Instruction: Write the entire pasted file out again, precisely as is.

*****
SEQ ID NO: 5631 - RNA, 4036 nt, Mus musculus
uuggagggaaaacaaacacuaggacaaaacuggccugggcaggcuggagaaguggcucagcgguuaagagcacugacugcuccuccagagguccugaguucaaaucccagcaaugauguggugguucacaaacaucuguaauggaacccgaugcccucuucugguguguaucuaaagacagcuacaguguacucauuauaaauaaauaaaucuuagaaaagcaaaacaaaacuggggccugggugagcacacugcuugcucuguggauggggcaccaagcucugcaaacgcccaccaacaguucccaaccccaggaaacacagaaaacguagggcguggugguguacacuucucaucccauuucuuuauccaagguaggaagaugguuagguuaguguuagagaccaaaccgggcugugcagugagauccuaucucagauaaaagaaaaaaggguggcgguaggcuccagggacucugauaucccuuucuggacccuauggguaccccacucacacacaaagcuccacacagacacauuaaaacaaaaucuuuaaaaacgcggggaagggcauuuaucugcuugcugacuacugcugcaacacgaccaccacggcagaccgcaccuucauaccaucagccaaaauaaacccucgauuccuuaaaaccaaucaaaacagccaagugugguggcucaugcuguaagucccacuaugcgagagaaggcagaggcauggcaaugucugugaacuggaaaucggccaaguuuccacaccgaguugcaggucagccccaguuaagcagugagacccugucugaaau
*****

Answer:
SEQ ID NO: 5631 - RNA, 4036 nt, Mus musculus
uuggagggaaaacaaacacuaggacaaaacuggccugggcaggcuggagaaguggcucagcgguuaagagcacugacugcuccuccagagguccugaguucaaaucccagcaaugauguggugguucacaaacaucuguaauggaacccgaugcccucuucugguguguaucuaaagacagcuacaguguacucauuauaaauaaauaaaucuuagaaaagcaaaacaaaacuggggccugggugagcacacugcuugcucuguggauggggcaccaagcucugcaaacgcccaccaacaguucccaaccccaggaaacacagaaaacguagggcguggugguguacacuucucaucccauuucuuuauccaagguaggaagaugguuagguuaguguuagagaccaaaccgggcugugcagugagauccuaucucagauaaaagaaaaaaggguggcgguaggcuccagggacucugauaucccuuucuggacccuauggguaccccacucacacacaaagcuccacacagacacauuaaaacaaaaucuuuaaaaacgcggggaagggcauuuaucugcuugcugacuacugcugcaacacgaccaccacggcagaccgcaccuucauaccaucagccaaaauaaacccucgauuccuuaaaaccaaucaaaacagccaagugugguggcucaugcuguaagucccacuaugcgagagaaggcagaggcauggcaaugucugugaacuggaaaucggccaaguuuccacaccgaguugcaggucagccccaguuaagcagugagacccugucugaaau